- Blue Christmas. Of course no all time top music compilation is complete without Elvis, but the king was not the first country crooner to tug at our mistletoe with this seasonal standard. In 1949 Ernest Tubb was one of four acts to cover the song written by Billy Hayes and Jay W. Johnson. Presley’s version hit the musical ether in 1957 on the Elvis’ Christmas Album LP. The Elvis version was not a standard cover though. He and the Jordanaires adjusted some of the feel and expression inserting “blue notes”, notes sung slightly off pitch and usually lower, providing some double entendre to the title.
- El Burrito De Belen. Never having heard this song before it reiterated to me how culturally diverse Christmas is. Coming to us from Venezuela the title translates to “The Donkey Of Bethlehem”. The top selling version this year is the original recording by La Rondallita, a South American children’s group from 1976. There is not too much history on the tune but I think the lyric speaks for itself, “Hurry up little donkey, we have to go. Hurry little donkey, we’re going to see Jesus”.
- O Christmas Tree. Well, the cast of Glee is having a very merry, and prosperous, yule this year. Before they got hold, it was a German folk song known as “O Tannenbaum”. Tannenbaum translates to “fir tree” and is not a direct reference to Christmas or a decorated pine. In 1824 composer Ernst Anschütz helped make it a carol by adding two verses to the traditional verse. As the Christmas tree custom established over the 19th century the song became associated with the holiday. Available on the aforementioned “Glee: The Music, The Christmas Album”.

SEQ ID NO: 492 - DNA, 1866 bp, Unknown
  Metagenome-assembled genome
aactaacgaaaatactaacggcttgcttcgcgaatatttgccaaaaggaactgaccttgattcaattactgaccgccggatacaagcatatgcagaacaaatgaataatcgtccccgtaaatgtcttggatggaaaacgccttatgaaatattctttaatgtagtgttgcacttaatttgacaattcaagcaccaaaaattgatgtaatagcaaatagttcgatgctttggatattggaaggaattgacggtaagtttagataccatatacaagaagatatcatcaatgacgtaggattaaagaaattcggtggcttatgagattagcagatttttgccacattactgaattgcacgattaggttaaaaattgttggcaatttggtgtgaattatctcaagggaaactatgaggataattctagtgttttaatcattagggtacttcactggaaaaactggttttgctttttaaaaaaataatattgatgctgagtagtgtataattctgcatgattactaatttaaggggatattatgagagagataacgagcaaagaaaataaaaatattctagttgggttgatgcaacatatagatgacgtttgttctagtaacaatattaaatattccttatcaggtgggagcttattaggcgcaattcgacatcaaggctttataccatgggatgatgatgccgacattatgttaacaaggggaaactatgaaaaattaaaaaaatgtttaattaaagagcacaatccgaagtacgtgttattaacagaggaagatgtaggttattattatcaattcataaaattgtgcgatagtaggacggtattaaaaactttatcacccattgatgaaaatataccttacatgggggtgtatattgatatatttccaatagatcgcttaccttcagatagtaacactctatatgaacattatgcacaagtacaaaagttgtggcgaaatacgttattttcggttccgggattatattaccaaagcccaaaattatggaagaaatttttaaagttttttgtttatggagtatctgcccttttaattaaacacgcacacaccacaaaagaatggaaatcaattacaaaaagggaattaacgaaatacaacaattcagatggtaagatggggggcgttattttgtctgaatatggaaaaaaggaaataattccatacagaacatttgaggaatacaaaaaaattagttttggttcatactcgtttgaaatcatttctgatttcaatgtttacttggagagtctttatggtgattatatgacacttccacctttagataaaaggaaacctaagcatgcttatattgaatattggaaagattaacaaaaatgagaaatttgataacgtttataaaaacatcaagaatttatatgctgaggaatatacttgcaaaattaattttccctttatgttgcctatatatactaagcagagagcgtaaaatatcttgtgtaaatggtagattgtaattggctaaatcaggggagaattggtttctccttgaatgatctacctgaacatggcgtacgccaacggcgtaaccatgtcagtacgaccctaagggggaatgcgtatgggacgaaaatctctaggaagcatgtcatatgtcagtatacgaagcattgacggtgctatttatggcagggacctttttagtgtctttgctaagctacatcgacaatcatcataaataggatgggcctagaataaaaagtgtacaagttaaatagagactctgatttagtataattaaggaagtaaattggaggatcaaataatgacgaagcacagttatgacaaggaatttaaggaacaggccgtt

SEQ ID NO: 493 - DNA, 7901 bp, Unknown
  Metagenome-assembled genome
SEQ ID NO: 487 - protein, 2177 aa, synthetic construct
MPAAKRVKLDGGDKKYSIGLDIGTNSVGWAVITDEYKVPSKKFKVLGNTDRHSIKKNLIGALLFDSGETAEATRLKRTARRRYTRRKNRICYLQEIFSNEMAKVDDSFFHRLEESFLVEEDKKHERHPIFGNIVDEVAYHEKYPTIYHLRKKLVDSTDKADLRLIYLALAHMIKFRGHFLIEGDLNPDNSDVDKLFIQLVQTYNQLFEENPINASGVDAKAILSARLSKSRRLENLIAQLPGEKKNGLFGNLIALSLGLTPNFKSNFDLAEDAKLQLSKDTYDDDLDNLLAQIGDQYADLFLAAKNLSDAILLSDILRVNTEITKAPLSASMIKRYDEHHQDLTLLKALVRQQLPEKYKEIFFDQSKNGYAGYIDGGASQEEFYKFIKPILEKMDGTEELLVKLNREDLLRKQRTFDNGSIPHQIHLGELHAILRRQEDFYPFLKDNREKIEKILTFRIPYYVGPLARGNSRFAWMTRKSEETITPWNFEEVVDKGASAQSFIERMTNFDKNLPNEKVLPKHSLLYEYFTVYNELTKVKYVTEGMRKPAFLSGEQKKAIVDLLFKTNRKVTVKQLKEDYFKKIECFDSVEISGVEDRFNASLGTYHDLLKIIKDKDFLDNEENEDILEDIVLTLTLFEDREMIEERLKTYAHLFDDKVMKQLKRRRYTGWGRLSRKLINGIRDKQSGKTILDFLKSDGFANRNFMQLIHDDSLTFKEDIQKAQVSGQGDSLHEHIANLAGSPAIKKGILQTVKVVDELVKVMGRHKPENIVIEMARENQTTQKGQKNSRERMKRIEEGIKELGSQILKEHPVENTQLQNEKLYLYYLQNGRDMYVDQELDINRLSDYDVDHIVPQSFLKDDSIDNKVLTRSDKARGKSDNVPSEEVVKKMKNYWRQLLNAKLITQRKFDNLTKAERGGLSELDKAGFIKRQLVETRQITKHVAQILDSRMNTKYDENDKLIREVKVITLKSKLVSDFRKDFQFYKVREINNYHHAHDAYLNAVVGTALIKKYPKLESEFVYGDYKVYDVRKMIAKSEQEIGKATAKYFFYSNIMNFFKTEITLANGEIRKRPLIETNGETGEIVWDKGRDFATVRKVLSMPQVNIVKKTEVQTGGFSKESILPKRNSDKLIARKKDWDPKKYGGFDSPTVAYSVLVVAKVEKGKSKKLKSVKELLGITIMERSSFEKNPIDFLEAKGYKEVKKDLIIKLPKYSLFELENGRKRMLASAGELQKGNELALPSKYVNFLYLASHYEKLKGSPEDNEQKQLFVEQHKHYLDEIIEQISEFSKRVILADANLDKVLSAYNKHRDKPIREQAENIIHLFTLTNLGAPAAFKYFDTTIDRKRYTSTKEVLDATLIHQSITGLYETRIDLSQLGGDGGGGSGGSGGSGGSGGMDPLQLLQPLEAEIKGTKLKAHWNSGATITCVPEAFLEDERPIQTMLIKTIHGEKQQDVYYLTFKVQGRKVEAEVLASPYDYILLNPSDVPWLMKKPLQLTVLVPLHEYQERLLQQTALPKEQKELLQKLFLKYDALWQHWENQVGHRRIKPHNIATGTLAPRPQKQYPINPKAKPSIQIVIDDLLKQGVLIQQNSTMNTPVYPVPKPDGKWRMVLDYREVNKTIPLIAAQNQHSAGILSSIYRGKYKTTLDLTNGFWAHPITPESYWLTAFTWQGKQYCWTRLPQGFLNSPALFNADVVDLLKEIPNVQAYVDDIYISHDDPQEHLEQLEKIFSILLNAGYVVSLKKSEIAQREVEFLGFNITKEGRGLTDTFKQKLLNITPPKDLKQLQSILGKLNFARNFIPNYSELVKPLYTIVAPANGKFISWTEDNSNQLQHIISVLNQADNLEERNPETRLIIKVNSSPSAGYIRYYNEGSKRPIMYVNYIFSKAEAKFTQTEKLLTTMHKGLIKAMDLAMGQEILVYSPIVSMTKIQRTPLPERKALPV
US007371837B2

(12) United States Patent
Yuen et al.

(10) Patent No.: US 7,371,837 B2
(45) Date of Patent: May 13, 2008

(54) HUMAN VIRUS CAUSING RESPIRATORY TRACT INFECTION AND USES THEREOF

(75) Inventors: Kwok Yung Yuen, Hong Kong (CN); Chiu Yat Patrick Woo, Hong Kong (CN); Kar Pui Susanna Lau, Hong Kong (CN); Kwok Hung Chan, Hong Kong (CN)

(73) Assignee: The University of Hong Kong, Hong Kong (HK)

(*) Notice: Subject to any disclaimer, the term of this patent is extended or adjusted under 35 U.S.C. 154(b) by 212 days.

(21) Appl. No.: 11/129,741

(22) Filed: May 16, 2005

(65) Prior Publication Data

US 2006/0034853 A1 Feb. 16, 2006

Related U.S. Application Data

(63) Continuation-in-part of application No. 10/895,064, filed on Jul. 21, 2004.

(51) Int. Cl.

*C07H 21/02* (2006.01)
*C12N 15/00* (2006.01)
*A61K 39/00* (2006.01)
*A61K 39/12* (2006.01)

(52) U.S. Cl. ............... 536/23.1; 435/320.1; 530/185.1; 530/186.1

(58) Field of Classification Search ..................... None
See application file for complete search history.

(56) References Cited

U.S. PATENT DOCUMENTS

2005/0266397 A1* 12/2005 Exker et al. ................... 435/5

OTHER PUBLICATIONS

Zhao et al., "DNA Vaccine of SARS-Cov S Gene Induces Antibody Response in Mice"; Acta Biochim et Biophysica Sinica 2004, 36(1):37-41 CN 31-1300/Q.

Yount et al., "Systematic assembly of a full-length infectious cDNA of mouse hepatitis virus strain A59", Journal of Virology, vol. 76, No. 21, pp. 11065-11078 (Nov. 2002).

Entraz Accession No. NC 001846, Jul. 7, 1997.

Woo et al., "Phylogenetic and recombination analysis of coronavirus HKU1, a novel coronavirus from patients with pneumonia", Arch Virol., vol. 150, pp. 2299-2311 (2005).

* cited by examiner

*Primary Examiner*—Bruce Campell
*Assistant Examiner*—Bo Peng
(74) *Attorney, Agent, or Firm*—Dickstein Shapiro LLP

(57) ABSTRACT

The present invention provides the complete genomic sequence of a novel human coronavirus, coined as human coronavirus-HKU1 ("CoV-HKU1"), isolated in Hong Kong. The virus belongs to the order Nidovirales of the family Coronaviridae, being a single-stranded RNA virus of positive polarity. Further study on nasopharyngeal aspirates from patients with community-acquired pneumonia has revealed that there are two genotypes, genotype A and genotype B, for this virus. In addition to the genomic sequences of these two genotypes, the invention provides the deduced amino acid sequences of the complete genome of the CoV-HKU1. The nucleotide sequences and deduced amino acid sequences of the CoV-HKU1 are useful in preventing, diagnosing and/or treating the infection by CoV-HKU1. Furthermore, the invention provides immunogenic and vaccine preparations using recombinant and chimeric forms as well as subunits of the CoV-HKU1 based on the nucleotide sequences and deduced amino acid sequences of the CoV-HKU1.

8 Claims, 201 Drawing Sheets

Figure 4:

- Feliz Navidad. The classic bi-lingual ditty written and made famous by latin pop star Jose Feliciano debuted in 1970. Alongside international acclaim the song was also recognized by ASCAP as one of the top 25 played Christmas songs of all time.
- Carol Of The Bells. A little disappointing that the number one spot is shrouded in ambiguity. As a pre-Christian Ukrainian folk song the tune celebrated the coming of the new year in April. Post Christendom the new year was moved to January. The composition first made it’s way to the U.S. in 1921 at Carnegie Hall. Peter Wilhousky copyrighted an english version in the 1930’s and began performing it during the Christmas season. The confusion comes because I cannot for the life of me find which version of the song is the one that tops our list. The artist is cited as “Choral”. An itunes search rendered many variations including Robert Shaw Chorale, Kenny Rogers and my favorite Mannheim Steamroller. LeAnn Rimes recently performed the carol on the CMA’s country Christmas tv special. If you want to check out a great version with a contemporary edge I recommend the PTX version.
Well, that’s it kiddos. I hope some of your favorites made the list. If not, don’t discourage. The lineup volleys daily all season. Just another testimony to the fact that lists are meaningless. But just in case you are wondering where some of the others fall. “Baby It’s Cold Outside”, by Dean Martin fell at 12. “It’s Beginning to Look A Lot Like Christmas”, by Bing Crosby came in at 31. “The Chipmunk Song” took 50. Burl Ives’ “Holly Jolly Christmas is at 95 and holding down number 100 is “I’ve Got My Love To Keep Me Warm”, from Dean again.